This past Saturday marked a key point in my training. I completed 13.2 miles so technically, I am half way to my goal. For me, the real accomplishment was finding a rhythm in my stride. My per-mile-pace varied by no more than 10 seconds during the entire run. As an added bonus, I ran about a minute per mile faster than my average runs through out my training. (only 27 seconds from my goal pace of 10 min/mile)
Based on the work that I have put in, this does not make sense. I have not been consistent in my training (Up-Downs), workouts have not included “speed work”, it was raining during my run, I could not find my phone arm-band or my “CAT Sweat Hat” (More to come on this in a future post), forgot body glide on my feet again … in other words, conditions were not optimal for a great run. So what could possibly have made that kind of difference?
During my initial recovery, one of the major goals of my physical therapy was to walk without a limp. Hmm … Have you ever thought about what is actually happening when you limp? More specifically, what is causes a limp when there is no pain? Although I had suffered multiple ankle sprains, broken toes, and muscle pulls, but once the pain was gone, the limp was gone as well so I never really thought about what caused my limp. Since I was limping significantly, yet was not in pain, I had to ask, “what in the world is a limp?” Mark my physical therapist admitted that no one had ever asked him that, but that it was a very good question (He was probably just humoring me)
So let me “sum up”. My left leg was more weak and less flexible so my left leg “push-off” could not propel my body as far forward as my right leg. Basically, the length of my stride was different. Not only was the length different, but the amount of time between steps (beats) was different. So “stepstepstepstepstepstep” became “stepstep,stepstep,stepstep”.
As I learned to walk again, I concentrated on that “push-off” to even out my gait. My limp became nearly imperceptible when I was walking. I could still notice it when I was tired, but for the most part, I seemed to walk pretty normally.
In the past, I did not run with music. I ran in the quiet of the morning with just my thoughts and the rhythm of my breath and my the pounding of pavement to keep me company. As I began my training several months ago, I decided that I would join the ranks of millions of other runners and stick in those headphones. I formulated a good rock & roll playlist and off I went. For those who do not follow my runs of my Running with the Footman FB Page, let me provide a sample; “today’s run was hot and slow, but I made it through”. I have struggled with my pace and my endurance with the exception of two runs; a 7 mile run with Travis and an 11 mile run with Eric from TeamLLF. Both of those runs went well because I allowed them to set the pace. (both are musicians and Travis is drummer who runs to a geeky click-track).
Last week as I began ran without the headphones when I ran late at night by myself and listened for the first time to my breathing and foot strike. I was disappointed to realize that although there was a rhythm to my gait it was not correct. stepstep,stepstep,stepstep. This was not good. I went back to my music and realized that my playlist had no consistency. Obviously this video is not the answer to finding my muscle memory. How was I going to get back into my running groove?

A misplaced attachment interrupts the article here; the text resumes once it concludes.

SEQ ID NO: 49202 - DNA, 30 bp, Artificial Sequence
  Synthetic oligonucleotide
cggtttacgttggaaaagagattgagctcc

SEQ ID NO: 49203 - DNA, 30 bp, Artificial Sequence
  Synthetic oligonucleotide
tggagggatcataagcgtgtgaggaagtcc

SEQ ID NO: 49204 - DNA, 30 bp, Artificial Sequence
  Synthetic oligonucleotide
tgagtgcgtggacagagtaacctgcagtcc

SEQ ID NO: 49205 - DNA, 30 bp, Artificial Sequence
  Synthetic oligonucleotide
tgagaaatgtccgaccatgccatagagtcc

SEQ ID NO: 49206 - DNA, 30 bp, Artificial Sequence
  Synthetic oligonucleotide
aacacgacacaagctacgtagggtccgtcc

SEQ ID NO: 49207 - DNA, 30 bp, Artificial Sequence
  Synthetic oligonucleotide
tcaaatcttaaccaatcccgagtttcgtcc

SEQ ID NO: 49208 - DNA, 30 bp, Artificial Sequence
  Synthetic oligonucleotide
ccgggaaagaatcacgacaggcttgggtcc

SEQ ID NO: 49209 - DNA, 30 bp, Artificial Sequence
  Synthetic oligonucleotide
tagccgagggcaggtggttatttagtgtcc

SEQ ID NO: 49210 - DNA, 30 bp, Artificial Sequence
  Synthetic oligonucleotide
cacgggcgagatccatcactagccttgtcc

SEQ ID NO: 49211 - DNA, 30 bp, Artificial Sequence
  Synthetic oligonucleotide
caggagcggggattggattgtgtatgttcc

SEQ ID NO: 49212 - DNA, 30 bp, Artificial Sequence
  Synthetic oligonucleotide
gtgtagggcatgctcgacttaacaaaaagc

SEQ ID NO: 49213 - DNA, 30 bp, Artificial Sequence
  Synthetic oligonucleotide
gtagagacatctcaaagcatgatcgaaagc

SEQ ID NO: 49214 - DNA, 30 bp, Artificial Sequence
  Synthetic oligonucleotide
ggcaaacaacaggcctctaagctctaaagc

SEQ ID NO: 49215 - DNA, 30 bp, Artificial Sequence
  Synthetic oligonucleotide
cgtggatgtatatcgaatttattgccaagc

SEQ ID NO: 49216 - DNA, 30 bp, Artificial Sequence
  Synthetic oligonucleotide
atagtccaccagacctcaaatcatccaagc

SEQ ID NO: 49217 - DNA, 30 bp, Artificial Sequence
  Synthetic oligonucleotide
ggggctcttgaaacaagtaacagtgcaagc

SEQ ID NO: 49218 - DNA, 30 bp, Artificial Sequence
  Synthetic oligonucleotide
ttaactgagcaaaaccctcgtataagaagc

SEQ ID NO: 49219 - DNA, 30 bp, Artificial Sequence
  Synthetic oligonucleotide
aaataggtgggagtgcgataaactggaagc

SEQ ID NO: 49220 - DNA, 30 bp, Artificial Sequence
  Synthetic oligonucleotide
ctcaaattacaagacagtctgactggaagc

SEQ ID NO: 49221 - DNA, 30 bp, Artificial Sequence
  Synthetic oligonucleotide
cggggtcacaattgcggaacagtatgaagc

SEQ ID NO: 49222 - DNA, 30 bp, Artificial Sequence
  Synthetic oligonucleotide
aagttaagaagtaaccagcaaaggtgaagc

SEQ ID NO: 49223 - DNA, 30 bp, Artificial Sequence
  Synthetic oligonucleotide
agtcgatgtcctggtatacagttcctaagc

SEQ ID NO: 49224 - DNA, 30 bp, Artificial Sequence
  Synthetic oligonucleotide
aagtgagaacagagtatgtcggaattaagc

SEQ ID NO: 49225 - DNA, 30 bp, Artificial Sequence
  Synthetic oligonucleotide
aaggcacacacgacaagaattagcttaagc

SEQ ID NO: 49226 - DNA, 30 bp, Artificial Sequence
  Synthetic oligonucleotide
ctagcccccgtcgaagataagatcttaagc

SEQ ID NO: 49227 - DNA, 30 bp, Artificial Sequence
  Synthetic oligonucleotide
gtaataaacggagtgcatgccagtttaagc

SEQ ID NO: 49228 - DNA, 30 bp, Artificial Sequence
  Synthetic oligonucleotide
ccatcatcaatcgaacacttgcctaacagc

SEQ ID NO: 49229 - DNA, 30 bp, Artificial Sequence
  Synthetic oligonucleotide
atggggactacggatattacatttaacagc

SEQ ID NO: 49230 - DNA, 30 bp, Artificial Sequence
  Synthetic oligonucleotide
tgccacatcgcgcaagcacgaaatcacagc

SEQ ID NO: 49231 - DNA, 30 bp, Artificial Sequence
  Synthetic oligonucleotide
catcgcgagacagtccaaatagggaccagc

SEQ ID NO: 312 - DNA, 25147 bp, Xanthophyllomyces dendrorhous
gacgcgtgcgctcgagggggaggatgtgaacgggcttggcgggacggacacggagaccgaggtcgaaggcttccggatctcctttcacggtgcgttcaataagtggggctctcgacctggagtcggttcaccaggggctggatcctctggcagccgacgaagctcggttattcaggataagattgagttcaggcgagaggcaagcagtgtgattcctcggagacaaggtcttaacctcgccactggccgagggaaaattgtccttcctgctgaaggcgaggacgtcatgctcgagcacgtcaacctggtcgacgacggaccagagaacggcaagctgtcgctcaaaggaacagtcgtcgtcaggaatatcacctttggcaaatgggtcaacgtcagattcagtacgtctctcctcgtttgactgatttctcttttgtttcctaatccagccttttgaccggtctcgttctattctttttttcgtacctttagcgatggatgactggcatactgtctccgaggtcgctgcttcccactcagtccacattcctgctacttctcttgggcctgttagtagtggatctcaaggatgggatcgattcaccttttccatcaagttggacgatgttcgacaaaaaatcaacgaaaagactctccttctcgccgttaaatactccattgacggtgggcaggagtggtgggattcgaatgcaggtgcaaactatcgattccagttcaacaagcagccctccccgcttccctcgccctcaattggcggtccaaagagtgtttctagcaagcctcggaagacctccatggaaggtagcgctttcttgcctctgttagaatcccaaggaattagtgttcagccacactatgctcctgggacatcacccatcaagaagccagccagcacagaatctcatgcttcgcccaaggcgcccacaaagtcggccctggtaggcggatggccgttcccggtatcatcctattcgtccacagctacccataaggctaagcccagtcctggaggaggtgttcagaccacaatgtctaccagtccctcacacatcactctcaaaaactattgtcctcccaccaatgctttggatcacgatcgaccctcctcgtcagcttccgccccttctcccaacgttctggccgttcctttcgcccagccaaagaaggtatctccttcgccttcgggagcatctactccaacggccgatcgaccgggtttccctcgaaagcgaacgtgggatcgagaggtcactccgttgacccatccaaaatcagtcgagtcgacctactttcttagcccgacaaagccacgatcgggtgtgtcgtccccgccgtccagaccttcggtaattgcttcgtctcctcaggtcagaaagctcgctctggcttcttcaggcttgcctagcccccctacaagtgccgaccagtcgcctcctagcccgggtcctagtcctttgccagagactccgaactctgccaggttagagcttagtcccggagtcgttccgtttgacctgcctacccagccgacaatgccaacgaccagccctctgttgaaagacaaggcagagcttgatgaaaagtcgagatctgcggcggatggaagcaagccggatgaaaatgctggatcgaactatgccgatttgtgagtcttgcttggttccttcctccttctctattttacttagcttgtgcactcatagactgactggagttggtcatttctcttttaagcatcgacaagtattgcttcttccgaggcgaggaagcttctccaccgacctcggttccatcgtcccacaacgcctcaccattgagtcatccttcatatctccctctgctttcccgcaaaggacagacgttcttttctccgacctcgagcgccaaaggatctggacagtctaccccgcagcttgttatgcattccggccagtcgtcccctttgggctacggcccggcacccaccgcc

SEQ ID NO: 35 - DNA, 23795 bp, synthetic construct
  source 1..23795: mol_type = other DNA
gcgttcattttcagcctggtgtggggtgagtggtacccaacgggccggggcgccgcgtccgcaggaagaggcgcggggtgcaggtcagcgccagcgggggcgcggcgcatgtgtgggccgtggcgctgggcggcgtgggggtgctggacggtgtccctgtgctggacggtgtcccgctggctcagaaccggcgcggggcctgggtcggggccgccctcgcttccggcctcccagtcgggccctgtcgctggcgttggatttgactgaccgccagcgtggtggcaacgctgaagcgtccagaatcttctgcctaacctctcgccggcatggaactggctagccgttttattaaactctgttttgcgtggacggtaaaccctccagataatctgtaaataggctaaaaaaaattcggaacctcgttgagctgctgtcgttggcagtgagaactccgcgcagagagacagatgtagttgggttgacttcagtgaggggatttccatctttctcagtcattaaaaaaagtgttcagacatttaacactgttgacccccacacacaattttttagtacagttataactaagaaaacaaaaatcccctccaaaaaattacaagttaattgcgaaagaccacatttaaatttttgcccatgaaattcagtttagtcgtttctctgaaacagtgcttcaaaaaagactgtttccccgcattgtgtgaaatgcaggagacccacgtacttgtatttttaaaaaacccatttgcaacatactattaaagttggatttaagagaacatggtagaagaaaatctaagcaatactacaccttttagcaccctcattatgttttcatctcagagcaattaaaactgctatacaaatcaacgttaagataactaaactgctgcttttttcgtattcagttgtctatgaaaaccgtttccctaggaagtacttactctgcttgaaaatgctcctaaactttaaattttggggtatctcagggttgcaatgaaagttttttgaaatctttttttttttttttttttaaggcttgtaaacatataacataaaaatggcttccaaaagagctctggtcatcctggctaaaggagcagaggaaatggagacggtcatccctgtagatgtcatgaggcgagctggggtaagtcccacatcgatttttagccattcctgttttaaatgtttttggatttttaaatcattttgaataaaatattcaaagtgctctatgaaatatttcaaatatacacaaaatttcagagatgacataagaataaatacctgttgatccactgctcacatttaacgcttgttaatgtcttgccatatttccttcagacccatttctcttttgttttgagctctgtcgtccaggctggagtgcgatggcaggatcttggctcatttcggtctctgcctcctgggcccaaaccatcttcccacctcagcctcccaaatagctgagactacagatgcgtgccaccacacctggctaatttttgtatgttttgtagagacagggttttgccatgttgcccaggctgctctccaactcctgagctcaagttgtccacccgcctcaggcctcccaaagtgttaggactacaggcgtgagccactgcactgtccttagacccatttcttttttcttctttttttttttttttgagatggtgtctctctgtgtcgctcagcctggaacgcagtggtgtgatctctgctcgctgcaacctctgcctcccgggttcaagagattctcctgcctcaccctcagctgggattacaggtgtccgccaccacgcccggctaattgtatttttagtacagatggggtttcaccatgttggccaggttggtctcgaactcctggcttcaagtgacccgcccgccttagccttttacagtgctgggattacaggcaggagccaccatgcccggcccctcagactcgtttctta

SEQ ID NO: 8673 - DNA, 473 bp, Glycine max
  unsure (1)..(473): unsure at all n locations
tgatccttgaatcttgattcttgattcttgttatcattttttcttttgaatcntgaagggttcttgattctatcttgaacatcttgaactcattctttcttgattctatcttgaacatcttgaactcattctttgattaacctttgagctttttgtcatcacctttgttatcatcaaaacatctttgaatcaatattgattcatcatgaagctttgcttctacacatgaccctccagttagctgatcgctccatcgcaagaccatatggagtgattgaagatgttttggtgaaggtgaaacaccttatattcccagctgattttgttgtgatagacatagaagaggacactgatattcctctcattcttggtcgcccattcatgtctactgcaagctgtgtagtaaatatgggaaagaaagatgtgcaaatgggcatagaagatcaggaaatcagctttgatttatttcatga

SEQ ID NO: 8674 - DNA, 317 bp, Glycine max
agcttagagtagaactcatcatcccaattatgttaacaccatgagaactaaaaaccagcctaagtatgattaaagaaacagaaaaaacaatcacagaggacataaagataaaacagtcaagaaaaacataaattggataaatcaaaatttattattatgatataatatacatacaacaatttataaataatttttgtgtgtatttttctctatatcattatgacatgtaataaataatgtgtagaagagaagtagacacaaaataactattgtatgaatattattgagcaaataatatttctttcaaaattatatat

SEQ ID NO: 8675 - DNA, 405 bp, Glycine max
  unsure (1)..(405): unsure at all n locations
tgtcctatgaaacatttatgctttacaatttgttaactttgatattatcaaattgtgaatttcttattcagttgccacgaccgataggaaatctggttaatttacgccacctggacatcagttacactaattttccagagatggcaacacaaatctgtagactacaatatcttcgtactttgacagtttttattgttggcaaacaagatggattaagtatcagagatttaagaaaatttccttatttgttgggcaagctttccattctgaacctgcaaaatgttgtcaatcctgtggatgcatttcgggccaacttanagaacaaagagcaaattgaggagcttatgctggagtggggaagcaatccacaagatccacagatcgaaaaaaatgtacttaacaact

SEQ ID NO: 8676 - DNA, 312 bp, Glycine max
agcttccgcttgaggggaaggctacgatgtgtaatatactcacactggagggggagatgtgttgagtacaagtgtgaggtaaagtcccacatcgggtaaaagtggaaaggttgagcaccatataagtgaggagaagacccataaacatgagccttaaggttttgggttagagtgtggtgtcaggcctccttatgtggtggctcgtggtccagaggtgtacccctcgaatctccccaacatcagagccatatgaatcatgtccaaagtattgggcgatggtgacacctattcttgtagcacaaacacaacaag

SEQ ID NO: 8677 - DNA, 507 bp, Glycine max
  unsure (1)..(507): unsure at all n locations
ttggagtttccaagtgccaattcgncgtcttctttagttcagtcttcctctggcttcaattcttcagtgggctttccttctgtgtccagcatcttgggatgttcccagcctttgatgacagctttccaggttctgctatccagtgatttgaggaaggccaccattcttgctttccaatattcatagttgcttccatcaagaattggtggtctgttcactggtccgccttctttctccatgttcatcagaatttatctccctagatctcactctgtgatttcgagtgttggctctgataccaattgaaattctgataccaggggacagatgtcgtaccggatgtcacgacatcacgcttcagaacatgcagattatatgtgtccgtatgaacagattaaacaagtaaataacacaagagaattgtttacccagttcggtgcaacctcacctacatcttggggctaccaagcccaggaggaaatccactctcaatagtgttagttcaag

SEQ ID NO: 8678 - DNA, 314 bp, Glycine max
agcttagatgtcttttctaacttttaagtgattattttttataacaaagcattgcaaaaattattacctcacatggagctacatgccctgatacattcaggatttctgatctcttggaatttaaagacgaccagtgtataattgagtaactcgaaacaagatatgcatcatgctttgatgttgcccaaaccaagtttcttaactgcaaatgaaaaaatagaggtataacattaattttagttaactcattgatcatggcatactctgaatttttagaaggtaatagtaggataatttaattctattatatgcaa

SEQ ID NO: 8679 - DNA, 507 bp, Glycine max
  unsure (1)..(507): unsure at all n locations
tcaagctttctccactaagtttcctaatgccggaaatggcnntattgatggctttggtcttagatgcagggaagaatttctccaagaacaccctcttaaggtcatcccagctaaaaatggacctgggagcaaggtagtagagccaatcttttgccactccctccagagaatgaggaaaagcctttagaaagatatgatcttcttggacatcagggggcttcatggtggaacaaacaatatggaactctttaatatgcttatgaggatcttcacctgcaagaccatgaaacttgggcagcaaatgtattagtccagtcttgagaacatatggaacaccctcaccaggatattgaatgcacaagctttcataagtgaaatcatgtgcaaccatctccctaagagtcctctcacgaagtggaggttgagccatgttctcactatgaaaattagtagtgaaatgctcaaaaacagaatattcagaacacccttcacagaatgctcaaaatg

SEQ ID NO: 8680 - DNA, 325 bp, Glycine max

Amazing stuff this internet. I was able to find a playlist made for my target pace! It is a very eclectic mix, but I found that with very little effort, I could orchestrate my left foot push-off into the mix. Wow … what a difference a good kick drum can make (again this video link is not an example of a good kick drum).
In one of my other lives, I sit behind a live sound mixing board. After 20 years of trying to mix musicians, I have found that if that rhythm section is not tight, nothing else can pull together that band. That drummer and bass player are the glue that holds everything together and they can make or break the set. An like the video at the top, the tempo that they set and maintain is crucial to the mission of the band.
I find myself out of rhythm and “limping” through much more of my life than I would admit. Nothing seems quite right. I know that I am going the right direction, but it does not feel like I will ever get there. Fatigue sets in early and hangs on and I can’t seem to pull it all together. I really need a good rhythm section to hold this life of mine together and straighten out my gait.
“And he is before all things, and in him all things hold together. And he is the head of the body, the church. He is the beginning, the firstborn from the dead, that in everything he might be preeminent. For in him all the fullness of God was pleased to dwell, and through him to reconcile to himself all things, whether on earth or in heaven, making peace by the blood of his cross.And you, who once were alienated and hostile in mind, doing evil deeds,he has now reconciled in his body of flesh by his death, in order to present you holy and blameless and above reproach before him, if indeed you continue in the faith, stable and steadfast, not shifting from the hope of the gospel that you heard, which has been proclaimed in all creation under heaven …” (Colossians 1:17-23)
One thought on “Rhythm of the Run”
So awesome, Chuck, my friend. I love the last paragraph right before you share the Word…”I find myself out of rhythm and “limping” through much more of my life than I would admit. Nothing seems quite right. I know that I am going the right direction, but it does not feel like I will ever get there.” Thanks be to God we have Him….He makes our paths straight no matter how much we might “limp.” Thank you!!!